Snorefest: Why the grey man rules Australian politics

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Like sport, politics is no longer for amateurs. The colourful characters of yesteryear, the Keatings, the Boonies, the Gortons, the Mervs, the Goughs and the Kennetts are gone forever. It’s the colourless inoffensive professionals that will now dominate: the Iemmas, the Rudds and the Howards. It’s not about passion anymore… Want to read more? Oh. Well if you did you’d click here.

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18 Responses to “Snorefest: Why the grey man rules Australian politics”

  1. Charles Firth Says:

    Great to see some updates on here again Timmy.

    Loved your piece on live news called Why Howard is an economic dunce

    Great work

  2. Tim Says:

    Yeah I know I’m back into it…be posting stuff pretty regularly from now on…can’t wait till next year…gunna be doing heaps more online guff…

  3. Tim Says:

    If you ever get an idea for a yarn you reckon needs writin’ give send us a message chuck…

  4. Amy Bradney-George Says:

    This piece was definitely food for thought. I remember a journalist once telling me Keating was the worst person try and ask questions because he was so horrible to journos. Maybe the problem now is that politicians tend to be nice to journos without giving much information.
    So what’s better, the horrible (but “colourful”) politician who doesn’t answer questions, or the nice (but mostly “boring”) politician who doesn’t answer questions?

  5. Tim Says:

    Good one Amy. I reckon it depends if you’re spectator or you actually have to work with them.

  6. Tim Says:

    I totally hear you Amy however I’ve always consumed politics much like sport – i like the theatre. a colourful character might bring the country down, but at least it would be fun to watch…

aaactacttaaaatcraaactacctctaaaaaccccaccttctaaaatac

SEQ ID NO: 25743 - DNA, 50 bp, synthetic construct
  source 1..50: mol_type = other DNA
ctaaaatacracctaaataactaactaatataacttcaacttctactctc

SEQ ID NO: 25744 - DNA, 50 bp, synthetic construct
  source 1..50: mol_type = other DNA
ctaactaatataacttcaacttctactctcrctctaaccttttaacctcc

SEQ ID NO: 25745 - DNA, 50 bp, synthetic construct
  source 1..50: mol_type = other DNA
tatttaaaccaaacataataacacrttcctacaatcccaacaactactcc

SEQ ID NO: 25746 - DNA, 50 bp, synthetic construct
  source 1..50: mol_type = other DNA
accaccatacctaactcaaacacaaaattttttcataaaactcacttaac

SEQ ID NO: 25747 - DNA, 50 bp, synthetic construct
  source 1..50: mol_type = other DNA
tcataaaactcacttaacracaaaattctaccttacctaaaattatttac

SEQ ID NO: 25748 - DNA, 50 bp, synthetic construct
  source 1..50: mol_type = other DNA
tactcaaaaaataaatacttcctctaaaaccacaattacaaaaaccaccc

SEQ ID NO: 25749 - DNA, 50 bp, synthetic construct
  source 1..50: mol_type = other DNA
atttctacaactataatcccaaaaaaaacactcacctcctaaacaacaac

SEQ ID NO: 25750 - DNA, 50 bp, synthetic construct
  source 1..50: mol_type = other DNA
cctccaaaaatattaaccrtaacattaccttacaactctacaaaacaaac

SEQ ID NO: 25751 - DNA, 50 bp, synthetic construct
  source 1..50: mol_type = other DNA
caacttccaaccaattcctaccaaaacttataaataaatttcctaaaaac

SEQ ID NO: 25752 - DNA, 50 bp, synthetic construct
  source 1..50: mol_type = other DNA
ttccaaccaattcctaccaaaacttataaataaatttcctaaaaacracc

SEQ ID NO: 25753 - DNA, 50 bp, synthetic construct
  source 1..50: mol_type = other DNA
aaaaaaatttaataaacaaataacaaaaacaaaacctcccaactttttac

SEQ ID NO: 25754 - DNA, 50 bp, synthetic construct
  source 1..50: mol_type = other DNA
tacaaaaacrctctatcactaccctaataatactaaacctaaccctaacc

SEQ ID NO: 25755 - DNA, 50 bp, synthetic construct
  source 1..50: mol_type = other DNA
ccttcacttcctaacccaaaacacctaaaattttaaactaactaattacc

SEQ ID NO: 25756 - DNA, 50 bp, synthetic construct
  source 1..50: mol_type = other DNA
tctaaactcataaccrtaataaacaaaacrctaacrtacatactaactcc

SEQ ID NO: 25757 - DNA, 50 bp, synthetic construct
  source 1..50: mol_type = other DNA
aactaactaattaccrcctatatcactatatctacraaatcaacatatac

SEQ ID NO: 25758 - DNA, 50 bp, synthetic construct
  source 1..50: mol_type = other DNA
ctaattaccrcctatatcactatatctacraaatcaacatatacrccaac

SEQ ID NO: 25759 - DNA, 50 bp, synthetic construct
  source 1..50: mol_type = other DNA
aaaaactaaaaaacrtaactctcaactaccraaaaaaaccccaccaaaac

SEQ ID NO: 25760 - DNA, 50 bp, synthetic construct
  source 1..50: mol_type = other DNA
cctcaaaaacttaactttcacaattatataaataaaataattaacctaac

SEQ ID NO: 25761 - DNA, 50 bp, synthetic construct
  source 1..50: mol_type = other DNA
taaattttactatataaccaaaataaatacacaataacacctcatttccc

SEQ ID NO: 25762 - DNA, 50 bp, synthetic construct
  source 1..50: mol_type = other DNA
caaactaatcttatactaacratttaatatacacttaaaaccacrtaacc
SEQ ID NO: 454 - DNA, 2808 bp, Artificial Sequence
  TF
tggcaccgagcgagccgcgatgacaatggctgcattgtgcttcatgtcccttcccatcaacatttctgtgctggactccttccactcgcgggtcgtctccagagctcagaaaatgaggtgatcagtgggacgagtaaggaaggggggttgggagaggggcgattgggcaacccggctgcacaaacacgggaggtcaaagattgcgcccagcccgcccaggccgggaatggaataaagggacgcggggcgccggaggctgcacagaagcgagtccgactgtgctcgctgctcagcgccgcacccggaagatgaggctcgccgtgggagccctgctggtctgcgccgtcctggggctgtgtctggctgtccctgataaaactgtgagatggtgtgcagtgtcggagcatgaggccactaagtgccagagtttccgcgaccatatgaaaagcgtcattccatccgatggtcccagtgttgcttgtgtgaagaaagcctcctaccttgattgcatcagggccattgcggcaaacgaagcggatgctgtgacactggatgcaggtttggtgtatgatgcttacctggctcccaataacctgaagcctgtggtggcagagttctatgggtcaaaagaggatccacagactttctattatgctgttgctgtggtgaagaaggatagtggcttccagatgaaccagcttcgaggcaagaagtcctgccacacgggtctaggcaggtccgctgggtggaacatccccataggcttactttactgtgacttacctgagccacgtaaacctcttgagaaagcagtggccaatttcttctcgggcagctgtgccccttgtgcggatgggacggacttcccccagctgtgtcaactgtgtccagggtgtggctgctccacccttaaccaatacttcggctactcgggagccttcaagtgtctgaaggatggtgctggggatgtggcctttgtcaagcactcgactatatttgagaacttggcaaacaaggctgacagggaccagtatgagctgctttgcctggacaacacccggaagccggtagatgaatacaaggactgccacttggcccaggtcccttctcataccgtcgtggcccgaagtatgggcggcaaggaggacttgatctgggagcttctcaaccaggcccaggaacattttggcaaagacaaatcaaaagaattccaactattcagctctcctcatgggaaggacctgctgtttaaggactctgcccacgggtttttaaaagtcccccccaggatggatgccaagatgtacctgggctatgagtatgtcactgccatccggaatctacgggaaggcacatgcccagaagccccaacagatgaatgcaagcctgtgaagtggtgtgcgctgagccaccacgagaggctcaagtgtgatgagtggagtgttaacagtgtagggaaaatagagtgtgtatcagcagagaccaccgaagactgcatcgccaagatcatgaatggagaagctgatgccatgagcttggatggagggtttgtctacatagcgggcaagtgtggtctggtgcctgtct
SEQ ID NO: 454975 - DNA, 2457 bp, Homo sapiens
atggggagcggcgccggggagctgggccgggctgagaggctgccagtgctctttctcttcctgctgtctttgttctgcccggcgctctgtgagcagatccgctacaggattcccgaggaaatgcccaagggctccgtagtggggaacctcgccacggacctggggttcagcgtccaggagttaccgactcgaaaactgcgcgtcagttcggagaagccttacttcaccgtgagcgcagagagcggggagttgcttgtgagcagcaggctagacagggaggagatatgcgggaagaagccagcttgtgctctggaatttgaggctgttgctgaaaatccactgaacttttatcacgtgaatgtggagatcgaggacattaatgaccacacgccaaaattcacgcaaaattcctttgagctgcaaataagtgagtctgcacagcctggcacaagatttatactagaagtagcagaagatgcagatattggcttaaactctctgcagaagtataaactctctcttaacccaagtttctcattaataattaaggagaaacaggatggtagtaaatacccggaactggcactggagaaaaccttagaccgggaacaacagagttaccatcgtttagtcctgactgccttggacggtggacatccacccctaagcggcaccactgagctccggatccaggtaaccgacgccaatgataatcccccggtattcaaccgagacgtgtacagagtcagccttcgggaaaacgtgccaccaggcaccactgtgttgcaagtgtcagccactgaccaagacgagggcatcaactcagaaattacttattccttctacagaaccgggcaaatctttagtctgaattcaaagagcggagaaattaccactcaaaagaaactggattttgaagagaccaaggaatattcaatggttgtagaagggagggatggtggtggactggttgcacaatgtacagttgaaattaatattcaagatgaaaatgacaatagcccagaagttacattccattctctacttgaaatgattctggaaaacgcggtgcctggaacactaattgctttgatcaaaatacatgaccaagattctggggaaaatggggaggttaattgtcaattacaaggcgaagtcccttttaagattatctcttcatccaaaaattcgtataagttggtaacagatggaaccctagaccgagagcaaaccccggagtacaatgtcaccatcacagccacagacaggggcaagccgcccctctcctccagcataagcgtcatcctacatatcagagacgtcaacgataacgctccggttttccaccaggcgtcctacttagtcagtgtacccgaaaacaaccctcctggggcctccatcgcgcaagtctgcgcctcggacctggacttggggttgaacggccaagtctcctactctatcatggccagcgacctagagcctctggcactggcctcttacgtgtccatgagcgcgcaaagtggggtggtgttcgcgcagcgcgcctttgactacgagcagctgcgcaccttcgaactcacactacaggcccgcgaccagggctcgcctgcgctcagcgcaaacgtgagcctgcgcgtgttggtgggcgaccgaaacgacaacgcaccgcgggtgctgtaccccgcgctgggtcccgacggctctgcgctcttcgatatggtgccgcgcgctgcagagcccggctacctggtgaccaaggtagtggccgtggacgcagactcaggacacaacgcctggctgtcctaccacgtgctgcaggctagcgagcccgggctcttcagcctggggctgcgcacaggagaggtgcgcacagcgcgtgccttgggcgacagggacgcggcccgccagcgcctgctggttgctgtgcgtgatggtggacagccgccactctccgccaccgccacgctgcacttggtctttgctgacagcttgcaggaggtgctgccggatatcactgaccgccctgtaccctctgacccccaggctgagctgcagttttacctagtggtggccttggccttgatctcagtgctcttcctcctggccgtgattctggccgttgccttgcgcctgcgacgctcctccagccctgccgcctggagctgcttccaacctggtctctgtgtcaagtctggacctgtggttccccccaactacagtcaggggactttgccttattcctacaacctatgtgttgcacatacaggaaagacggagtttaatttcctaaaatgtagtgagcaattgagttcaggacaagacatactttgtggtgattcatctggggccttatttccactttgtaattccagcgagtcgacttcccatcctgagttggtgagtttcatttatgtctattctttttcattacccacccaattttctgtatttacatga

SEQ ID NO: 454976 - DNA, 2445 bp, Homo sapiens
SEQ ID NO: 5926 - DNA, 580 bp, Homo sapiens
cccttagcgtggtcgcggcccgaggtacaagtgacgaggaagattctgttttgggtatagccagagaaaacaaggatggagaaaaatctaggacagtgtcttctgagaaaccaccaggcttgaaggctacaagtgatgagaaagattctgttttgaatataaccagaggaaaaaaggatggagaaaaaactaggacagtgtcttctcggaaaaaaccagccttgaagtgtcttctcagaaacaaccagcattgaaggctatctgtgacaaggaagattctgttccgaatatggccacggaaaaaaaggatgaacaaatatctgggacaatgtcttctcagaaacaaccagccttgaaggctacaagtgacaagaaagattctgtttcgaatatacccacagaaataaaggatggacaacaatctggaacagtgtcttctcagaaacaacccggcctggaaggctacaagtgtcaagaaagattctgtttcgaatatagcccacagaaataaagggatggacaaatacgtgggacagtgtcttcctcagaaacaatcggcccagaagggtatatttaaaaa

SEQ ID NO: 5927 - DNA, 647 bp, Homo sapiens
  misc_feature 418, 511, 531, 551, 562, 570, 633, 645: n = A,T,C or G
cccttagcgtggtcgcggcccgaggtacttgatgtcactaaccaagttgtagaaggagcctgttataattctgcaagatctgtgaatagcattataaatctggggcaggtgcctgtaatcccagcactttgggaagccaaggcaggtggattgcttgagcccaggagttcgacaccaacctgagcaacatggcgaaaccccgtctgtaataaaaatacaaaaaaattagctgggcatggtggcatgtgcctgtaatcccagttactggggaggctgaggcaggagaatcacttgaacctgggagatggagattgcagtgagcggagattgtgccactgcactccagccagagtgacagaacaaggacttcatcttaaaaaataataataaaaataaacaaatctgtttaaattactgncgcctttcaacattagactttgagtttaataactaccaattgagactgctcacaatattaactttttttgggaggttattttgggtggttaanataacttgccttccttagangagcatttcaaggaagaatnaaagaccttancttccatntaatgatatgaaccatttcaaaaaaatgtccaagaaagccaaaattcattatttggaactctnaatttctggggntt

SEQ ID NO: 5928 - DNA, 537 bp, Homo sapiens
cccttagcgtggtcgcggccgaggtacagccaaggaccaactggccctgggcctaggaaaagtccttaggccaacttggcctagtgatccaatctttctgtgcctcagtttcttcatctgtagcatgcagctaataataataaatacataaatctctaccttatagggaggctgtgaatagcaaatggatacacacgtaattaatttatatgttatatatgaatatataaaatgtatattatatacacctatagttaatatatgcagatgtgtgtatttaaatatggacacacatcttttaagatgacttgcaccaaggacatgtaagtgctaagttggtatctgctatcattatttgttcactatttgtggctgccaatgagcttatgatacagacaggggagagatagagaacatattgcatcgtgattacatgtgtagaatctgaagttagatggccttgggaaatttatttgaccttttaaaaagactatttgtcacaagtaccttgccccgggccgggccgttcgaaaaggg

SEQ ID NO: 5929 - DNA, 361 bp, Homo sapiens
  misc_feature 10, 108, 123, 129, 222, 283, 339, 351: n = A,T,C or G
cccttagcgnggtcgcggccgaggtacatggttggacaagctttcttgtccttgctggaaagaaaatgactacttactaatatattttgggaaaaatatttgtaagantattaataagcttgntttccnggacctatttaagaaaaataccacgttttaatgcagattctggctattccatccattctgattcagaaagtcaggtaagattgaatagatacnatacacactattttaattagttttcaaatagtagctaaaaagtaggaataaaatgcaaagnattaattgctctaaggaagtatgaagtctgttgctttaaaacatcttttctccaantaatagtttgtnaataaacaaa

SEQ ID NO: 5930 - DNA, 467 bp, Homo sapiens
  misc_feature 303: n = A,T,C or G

7. Tim Says:

    Although i’d tire of a prick pretty easily if i had to deal with them – unless they were phenomenally brilliant – like Kevin Andrews for example πŸ˜‰

  8. Amy Bradney-George Says:

    Tim, I agree with your spectator-working with them view. That probably does influence things a bit (although in a way, aren’t we all spectators when it comes to politicians because at some stage we’re bound to be thinking “what on earth do they mean”?).

    As for politics and theatre, I have to argue that you can make theatre out of politics today. Not quite what you meant, but if you can make good theatre out of politics, it can’t be that boring, can it?

    Maybe politics is a bit like black and white films. You get people who won’t watch a b&w because it’s “bland”, people who will watch and wish it had colour, and then you have the people who find/imagine the colour.

    Andrews? Now you can’t tell me he isn’t a colourful character.

  9. Tim Says:

    Amy it must work sometimes because otherwise Keating the musical could never have been made!!1

  10. Amy Bradney-George Says:

    Yeah, true. And coming next season is Howard: The Cabaret, featuring the HIT songs “GST Makes the World Go Round”, “Immigration Blues” and the ever-popular “Your Rights at Work – Worth Paying For”.

  11. Tim Says:

    i love it…you forgot ‘silent night (for me because I’m not PM and no-one calls anymore)’

  12. Amy Bradney-George Says:

    (HA!) An oversight I assure you Tim. That will have to go somewhere after “Rudd is Labor’s new best friend” and possibly before “Bennelong Brings Me Down Now”.

  13. Tim Says:

    i hear ya…actually i’m glad i can’t…

  14. Amy Bradney-George Says:

    Glad you can’t…? As in glad you can’t hear me? Now, I know “opinion writers” are supposed to be a little judgemental, but still. Insulting a voice you’ve only heard through writing Tim. Oh, that’s low.

  15. Tim Says:

    i stand by my earlier comments. your town deafness screams through your prose. πŸ˜‰

  16. Amy Bradney-George Says:

    Of course you stand by your comments, you’re an opinion writer, it’s what you do. But if my “town deafness screams through (my) prose”, your untrained ear for talent shows through your grammar. πŸ˜›

  17. Tim Says:

    you’re too smart for me…i’m out you win…

  18. Amy Bradney-George Says:

    No, not too smart just attentive to detail when it comes to interesting conversations I think. It’s all in good fun, anyway (at least I hope it was!). Thanks for the discussion.

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